On paper the prospect of three internationally feted directors each contributing to a trilogy of half hour films about erotic love might seem an enticing prospect, but this portmanteau project veers from the sublime to the ridiculous.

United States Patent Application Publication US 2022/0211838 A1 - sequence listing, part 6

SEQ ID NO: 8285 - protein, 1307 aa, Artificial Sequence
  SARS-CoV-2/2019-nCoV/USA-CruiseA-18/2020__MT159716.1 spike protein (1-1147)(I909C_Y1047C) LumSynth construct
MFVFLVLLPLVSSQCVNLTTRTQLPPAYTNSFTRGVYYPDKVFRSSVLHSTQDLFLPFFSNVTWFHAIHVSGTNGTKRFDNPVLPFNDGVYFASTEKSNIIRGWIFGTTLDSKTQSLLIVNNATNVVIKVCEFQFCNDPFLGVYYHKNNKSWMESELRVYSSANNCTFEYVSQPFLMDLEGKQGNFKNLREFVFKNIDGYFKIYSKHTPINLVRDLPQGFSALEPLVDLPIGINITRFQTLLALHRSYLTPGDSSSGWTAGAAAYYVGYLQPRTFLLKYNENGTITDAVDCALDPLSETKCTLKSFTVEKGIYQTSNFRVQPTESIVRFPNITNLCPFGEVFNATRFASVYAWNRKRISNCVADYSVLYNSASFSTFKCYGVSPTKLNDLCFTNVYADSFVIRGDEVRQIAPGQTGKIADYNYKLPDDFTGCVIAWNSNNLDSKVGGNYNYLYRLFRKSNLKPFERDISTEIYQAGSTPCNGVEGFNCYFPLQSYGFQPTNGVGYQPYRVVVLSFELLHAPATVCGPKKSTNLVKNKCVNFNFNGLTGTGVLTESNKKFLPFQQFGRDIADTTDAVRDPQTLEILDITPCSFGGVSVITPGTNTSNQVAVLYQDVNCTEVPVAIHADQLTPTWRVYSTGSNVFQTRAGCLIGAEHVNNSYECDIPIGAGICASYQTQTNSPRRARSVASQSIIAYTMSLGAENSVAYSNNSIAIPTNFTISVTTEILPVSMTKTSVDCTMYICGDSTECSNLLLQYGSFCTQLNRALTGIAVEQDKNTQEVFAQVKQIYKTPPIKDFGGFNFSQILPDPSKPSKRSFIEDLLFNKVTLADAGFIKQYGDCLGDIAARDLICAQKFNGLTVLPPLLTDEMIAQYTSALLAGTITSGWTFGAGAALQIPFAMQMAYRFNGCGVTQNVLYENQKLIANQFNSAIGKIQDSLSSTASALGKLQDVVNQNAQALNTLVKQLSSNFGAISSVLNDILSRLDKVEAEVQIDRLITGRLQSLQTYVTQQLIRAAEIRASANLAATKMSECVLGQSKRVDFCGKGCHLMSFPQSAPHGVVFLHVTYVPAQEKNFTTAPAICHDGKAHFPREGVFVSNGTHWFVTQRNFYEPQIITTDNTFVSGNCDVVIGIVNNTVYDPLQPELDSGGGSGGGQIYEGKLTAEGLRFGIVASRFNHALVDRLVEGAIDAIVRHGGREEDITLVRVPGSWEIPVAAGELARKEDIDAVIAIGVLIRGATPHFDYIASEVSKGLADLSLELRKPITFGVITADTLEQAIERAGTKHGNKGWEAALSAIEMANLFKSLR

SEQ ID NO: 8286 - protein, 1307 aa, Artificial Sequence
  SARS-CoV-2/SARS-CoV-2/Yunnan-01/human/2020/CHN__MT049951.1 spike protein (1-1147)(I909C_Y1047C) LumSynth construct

Wong Kar-wai, in fetishistic In the Mood for Love vein, is responsible for the most satisfying segment. Set in nocturnal 1960s Hong Kong, it’s a gorgeously shot and designed study of the sensually charged working relationship between a courtesan (Gong Li) and her tailor (Chang Chen). Soderbergh’s contribution concerns a stressed 1950s New York advertising executive (Robert Downey Jr), who’s relating a recurring dream to his strangely distracted analyst (Alan Arkin): it boasts sharp performances, some striking monochrome cinematography, and a playful capacity to shift between ‘reality’ and fantasy. You might want to leave the cinema at this point, because the nonagenarian Michelangelo Antonioni’s concluding tale of a bourgeois couple’s break-up is excruciatingly embarrassing, with its pretentious, badly dubbed dialogue and soft-core focus on nubile female flesh.